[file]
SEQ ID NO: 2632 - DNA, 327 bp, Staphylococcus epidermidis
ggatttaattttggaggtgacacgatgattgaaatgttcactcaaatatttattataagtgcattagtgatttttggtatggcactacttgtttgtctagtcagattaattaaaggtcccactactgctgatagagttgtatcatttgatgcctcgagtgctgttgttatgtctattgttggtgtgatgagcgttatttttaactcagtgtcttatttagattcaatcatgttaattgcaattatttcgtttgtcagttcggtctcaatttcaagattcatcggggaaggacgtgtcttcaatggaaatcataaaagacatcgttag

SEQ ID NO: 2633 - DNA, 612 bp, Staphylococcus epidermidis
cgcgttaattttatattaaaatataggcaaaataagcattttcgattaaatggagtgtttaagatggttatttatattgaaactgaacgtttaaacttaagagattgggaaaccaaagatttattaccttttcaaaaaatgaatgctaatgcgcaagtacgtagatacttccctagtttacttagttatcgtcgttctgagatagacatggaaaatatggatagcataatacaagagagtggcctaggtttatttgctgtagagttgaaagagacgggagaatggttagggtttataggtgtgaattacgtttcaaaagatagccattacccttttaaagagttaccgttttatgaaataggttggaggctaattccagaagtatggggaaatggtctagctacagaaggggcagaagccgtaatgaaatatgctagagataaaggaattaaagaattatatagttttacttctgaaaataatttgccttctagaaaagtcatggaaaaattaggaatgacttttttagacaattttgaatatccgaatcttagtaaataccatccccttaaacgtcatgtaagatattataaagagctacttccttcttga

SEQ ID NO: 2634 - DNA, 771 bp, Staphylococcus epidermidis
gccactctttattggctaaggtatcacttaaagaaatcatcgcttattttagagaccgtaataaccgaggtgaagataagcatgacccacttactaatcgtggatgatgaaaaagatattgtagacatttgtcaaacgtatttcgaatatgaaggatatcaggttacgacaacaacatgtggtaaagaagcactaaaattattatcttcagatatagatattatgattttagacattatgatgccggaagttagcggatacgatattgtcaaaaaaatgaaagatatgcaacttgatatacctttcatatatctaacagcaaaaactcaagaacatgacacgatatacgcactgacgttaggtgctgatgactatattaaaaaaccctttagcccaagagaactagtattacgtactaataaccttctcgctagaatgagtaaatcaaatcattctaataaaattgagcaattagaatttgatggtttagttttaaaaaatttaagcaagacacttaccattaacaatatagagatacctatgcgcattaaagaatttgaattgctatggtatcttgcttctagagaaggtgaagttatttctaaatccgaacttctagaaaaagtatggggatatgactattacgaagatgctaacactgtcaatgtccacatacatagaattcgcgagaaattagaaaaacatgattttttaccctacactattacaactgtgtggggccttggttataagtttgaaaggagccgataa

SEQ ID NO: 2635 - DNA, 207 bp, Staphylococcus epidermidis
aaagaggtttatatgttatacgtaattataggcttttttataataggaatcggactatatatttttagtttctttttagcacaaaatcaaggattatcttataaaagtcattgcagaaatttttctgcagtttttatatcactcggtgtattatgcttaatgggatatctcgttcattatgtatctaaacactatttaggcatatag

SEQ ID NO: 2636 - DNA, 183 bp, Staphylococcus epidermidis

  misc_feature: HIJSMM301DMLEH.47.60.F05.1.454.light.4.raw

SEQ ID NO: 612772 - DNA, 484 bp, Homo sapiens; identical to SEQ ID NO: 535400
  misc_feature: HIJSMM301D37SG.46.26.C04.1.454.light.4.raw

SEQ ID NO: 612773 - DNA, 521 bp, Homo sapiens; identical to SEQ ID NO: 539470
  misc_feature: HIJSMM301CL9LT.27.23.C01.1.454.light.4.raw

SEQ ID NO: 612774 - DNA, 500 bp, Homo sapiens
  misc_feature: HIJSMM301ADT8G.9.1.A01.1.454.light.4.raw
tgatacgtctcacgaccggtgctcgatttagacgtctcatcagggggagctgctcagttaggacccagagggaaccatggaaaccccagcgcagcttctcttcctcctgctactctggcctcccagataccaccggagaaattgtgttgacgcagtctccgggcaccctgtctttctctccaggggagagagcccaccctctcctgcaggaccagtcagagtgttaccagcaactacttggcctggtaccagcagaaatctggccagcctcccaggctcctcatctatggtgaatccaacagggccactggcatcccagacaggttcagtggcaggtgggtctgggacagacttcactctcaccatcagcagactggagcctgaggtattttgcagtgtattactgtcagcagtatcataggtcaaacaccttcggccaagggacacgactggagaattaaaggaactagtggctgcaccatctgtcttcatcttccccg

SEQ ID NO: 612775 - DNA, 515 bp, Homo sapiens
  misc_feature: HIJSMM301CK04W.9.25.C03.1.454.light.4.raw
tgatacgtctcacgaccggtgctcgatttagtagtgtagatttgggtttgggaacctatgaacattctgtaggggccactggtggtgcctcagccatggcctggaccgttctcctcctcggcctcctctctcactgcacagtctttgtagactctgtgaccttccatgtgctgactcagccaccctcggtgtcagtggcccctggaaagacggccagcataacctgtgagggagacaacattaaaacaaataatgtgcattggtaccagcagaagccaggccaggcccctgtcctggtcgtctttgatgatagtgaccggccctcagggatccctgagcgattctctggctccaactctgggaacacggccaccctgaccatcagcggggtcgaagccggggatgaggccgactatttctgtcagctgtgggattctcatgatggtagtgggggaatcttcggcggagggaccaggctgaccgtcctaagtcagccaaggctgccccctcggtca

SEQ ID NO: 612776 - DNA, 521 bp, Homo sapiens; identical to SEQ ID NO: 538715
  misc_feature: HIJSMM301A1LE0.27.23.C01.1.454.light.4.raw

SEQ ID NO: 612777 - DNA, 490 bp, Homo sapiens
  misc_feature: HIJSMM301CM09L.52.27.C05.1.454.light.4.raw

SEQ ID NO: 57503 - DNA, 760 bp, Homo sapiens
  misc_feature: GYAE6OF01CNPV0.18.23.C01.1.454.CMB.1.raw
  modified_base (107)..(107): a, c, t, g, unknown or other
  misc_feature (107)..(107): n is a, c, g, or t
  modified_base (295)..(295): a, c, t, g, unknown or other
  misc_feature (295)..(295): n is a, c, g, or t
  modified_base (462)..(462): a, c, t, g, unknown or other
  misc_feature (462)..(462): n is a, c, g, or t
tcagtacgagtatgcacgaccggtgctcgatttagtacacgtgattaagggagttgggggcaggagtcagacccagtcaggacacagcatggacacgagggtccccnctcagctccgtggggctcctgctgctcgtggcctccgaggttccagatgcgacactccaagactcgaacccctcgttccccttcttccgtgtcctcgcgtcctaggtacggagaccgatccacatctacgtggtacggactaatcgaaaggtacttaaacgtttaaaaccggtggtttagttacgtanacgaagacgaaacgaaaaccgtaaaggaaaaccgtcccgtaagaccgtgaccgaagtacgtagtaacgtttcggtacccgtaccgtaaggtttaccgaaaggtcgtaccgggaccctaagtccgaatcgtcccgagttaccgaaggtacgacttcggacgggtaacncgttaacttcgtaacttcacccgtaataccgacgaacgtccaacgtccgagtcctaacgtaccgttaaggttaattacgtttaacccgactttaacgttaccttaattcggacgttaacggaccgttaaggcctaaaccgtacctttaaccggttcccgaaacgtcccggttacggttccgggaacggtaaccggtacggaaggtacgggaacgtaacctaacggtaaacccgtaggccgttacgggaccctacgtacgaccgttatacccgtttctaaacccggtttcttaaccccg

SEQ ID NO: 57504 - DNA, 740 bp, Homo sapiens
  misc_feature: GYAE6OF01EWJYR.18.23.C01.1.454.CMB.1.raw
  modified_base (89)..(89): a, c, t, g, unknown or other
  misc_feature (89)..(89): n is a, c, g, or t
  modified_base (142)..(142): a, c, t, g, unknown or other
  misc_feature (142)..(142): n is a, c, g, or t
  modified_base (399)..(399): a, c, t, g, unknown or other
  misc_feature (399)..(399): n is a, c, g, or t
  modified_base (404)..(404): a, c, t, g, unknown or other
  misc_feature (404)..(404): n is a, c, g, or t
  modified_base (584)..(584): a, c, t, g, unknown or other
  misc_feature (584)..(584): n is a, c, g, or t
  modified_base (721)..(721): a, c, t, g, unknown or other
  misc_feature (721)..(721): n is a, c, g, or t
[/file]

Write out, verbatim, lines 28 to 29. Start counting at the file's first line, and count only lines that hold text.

  misc_feature (107)..(107): n is a, c, g, or t
  modified_base (295)..(295): a, c, t, g, unknown or other